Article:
Documentation - Redise Pack

A guide to Redise Pack installation, operation and administration

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11.2.2 Rewriting our lock

As you may remember from section 6.2, locking involved generating an ID, conditionally setting a key with SETNX, and upon success setting the expiration time of the key. Though conceptually simple, we had to deal with failures and retries, which resulted in the original code shown in the next listing.

Listing 11.4Our final acquire_lock_with_timeout() function from section 6.2.5
def acquire_lock_with_timeout(
    conn, lockname, acquire_timeout=10, lock_timeout=10):
    identifier = str(uuid.uuid4())

A 128-bit random identifier.

    lockname = 'lock:' + lockname
    lock_timeout = int(math.ceil(lock_timeout))

Only pass integers to our EXPIRE calls.

    end = time.time() + acquire_timeout
    while time.time() < end:
        if conn.setnx(lockname, identifier):
            conn.expire(lockname, lock_timeout)

Get the lock and set the expiration.

            return identifier
        elif not conn.ttl(lockname):
            conn.expire(lockname, lock_timeout)

Check and update the expiration time as necessary.

        time.sleep(.001)

    return False

There’s nothing too surprising here if you remember how we built up to this lock in section 6.2. Let’s go ahead and offer the same functionality, but move the core locking into Lua.

Listing 11.5A rewritten acquire_lock_with_timeout() that uses Lua
def acquire_lock_with_timeout(
    conn, lockname, acquire_timeout=10, lock_timeout=10):
    identifier = str(uuid.uuid4())
    lockname = 'lock:' + lockname
    lock_timeout = int(math.ceil(lock_timeout))
    acquired = False
    end = time.time() + acquire_timeout
    while time.time() < end and not acquired:
        acquired = acquire_lock_with_timeout_lua(
            conn, [lockname], [lock_timeout, identifier]) == 'OK'

Actually acquire the lock, checking to verify that the Lua call completed successfully.

        time.sleep(.001 * (not acquired))

    return acquired and identifier

acquire_lock_with_timeout_lua = script_load('''
if redis.call('exists', KEYS[1]) == 0 then

If the lock doesn’t already exist, again remembering that tables use 1-based indexing.

    return redis.call('setex', KEYS[1], unpack(ARGV))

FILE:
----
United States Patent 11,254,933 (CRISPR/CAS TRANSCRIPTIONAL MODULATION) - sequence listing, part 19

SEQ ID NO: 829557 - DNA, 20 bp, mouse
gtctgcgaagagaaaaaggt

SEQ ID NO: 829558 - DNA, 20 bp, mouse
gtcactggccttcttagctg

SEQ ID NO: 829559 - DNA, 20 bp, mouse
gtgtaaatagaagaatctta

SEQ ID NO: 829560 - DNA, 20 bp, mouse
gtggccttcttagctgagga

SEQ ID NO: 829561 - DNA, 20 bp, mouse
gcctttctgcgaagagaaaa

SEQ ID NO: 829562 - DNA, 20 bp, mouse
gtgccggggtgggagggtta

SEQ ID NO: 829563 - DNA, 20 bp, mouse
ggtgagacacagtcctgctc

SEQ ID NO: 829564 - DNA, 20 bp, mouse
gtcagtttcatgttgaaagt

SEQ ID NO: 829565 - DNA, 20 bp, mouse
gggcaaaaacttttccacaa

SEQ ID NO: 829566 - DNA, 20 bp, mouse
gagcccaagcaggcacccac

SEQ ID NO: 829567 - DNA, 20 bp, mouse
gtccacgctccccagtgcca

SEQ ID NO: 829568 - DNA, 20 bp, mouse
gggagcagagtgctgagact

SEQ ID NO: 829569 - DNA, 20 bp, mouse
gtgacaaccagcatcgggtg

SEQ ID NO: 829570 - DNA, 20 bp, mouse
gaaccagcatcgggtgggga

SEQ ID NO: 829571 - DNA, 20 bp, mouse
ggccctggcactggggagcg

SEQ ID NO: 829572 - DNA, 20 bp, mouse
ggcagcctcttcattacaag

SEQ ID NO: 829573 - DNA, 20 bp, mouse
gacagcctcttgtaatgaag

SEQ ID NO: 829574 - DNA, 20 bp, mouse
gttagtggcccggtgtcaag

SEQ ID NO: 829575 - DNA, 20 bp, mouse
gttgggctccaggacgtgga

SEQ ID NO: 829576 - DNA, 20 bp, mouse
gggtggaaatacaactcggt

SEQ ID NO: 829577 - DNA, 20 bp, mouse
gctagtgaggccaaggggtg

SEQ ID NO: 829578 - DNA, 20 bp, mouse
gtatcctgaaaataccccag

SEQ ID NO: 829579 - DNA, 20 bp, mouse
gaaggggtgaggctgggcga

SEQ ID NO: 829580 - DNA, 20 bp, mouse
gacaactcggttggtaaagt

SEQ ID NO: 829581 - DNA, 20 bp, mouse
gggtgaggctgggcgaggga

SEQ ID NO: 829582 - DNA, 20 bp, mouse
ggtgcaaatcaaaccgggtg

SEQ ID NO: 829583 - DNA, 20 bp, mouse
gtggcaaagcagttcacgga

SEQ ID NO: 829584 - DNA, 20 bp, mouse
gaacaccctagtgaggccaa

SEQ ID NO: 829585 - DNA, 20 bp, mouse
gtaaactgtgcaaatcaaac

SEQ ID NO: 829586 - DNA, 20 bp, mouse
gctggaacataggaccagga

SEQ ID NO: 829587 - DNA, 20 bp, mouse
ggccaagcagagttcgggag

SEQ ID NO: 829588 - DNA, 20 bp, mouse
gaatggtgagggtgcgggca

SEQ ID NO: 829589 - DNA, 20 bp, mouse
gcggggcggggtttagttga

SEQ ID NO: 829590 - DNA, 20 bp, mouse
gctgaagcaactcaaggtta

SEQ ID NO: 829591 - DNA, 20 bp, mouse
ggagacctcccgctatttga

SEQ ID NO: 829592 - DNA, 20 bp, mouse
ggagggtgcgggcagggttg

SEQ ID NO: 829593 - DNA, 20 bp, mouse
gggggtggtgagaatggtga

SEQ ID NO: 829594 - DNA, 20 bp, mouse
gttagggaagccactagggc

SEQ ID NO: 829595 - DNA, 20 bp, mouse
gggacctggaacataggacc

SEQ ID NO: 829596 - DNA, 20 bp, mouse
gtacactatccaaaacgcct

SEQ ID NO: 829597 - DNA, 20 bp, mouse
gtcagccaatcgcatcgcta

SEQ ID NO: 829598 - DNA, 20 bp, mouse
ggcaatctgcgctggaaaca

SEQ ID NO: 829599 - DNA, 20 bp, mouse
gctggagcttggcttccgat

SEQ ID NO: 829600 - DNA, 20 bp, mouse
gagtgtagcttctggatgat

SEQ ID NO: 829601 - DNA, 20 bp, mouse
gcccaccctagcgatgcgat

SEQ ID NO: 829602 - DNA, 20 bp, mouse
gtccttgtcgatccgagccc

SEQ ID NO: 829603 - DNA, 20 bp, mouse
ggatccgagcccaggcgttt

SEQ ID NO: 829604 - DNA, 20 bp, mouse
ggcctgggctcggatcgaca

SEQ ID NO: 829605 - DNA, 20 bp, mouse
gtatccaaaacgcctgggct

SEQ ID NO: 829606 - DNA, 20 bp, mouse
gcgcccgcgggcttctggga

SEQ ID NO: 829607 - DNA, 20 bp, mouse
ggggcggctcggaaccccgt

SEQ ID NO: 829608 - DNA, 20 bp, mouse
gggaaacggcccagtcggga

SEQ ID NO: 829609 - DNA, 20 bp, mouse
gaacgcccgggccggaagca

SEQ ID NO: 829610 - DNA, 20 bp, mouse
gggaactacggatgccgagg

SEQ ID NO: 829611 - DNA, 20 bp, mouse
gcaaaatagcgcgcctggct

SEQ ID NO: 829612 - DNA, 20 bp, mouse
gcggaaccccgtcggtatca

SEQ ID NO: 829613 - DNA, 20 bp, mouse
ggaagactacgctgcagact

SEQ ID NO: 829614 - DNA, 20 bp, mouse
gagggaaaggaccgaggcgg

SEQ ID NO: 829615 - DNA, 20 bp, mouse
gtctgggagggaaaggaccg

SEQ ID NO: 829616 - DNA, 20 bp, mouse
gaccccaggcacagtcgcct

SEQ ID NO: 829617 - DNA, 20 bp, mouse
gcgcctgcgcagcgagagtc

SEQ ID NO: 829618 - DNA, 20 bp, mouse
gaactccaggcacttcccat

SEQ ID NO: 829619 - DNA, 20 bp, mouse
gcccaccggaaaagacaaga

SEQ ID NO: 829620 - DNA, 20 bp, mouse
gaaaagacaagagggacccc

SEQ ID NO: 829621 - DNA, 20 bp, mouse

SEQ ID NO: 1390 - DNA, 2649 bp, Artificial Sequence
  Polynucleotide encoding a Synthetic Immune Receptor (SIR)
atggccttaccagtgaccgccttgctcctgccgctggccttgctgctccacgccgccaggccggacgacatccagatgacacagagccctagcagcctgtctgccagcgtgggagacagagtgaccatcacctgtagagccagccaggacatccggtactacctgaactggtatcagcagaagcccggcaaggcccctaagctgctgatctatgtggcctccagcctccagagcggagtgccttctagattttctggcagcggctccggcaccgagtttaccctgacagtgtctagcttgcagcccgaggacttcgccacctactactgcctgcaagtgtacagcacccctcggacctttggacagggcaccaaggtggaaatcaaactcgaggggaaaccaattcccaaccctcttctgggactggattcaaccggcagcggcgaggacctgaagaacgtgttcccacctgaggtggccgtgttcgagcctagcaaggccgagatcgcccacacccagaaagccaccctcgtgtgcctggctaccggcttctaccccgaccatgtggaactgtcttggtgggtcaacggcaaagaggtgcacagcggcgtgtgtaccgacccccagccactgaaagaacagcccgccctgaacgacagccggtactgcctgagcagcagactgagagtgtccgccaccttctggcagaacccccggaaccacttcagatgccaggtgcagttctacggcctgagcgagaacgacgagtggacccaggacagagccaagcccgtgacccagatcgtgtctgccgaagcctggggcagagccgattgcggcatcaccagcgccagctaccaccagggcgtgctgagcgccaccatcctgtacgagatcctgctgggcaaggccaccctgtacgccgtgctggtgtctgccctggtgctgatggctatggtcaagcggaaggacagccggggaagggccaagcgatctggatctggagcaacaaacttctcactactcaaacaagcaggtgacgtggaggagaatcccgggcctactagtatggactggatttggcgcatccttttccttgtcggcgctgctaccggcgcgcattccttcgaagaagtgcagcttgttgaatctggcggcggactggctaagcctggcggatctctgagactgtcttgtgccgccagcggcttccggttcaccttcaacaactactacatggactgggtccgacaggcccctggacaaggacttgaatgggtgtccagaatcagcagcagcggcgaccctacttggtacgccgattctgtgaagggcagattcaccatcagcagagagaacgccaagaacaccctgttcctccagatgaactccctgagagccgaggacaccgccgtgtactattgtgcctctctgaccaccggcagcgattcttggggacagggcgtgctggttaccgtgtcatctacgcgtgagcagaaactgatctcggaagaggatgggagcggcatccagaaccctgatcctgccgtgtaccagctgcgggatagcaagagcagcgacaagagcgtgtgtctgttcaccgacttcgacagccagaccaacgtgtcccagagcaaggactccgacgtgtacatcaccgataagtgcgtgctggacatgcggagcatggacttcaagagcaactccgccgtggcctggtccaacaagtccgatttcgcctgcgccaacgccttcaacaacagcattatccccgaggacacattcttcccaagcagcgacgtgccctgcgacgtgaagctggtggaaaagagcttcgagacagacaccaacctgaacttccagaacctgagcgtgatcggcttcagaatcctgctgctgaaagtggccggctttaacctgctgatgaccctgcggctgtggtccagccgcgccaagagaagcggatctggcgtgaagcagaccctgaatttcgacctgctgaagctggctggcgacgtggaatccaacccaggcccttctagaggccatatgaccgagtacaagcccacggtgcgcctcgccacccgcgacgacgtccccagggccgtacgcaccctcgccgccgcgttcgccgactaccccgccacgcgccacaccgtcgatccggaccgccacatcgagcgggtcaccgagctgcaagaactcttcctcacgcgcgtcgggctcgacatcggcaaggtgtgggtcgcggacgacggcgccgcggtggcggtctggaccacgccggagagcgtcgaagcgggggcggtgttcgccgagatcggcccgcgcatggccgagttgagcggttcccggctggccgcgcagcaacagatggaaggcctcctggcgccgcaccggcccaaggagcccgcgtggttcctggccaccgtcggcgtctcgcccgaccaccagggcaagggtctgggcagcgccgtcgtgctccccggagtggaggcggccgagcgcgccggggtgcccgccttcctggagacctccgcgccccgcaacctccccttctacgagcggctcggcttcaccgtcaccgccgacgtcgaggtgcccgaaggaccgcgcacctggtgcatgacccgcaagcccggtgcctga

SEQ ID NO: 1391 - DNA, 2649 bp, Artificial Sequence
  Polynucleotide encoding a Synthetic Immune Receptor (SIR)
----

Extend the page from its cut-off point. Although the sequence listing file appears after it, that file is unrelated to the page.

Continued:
Set the key with the provided expiration and identifier.

end
''')

There aren’t any significant changes in the code, except that we change the commands we use so that if a lock is acquired, it always has a timeout. Let’s also go ahead and rewrite the release lock code to use Lua.

Previously, we watched the lock key, and then verified that the lock still had the same value. If it had the same value, we removed the lock; otherwise we’d say that the lock was lost. Our Lua version of release_lock() is shown next.

Listing 11.6A rewritten release_lock() that uses Lua
def release_lock(conn, lockname, identifier):
    lockname = 'lock:' + lockname
    return release_lock_lua(conn, [lockname], [identifier])'

Call the Lua function that releases the lock.

release_lock_lua = script_load(''
if redis.call('get', KEYS[1]) == ARGV[1] then

Make sure that the lock matches.

    return redis.call('del', KEYS[1]) or true

Delete the lock and ensure that we return true.

end
''')

Unlike acquiring the lock, releasing the lock became shorter as we no longer needed to perform all of the typical WATCH/MULTI/EXEC steps.

Reducing the code is great, but we haven’t gotten far if we haven’t actually improved the performance of the lock itself. We’ve added some instrumentation to the locking code along with some benchmarking code that executes 1, 2, 5, and 10 parallel processes to acquire and release locks repeatedly. We count the number of attempts to acquire the lock and how many times the lock was acquired over 10 seconds, with both our original and Lua-based acquire and release lock functions. Table 11.2 shows the number of calls that were performed and succeeded.

Table 11.2 Performance of our original lock against a Lua-based lock over 10 seconds
Benchmark configuration Tries in 10 seconds Acquires in 10 seconds
Original lock, 1 client 31,359 31,359
Original lock, 2 clients 30,085 22,507
Original lock, 5 clients 47,694 19,695
Original lock, 10 clients 71,917 14,361
Lua lock, 1 client 44,494 44,494
Lua lock, 2 clients 50,404 42,199
Lua lock, 5 clients 70,807 40,826
Lua lock, 10 clients 96,871 33,990

Looking at the data from our benchmark (pay attention to the right column), one thing to note is that Lua-based locks succeed in acquiring and releasing the lock in cycles significantly more often than our previous lock—by more than 40% with a single client, 87% with 2 clients, and over 100% with 5 or 10 clients attempting to acquire and release the same locks. Comparing the middle and right columns, we can also see how much faster attempts at locking are made with Lua, primarily due to the reduced number of round trips.

But even better than performance improvements, our code to acquire and release the locks is significantly easier to understand and verify as correct.

Another example where we built a synchronization primitive is with semaphores; let’s take a look at building them next.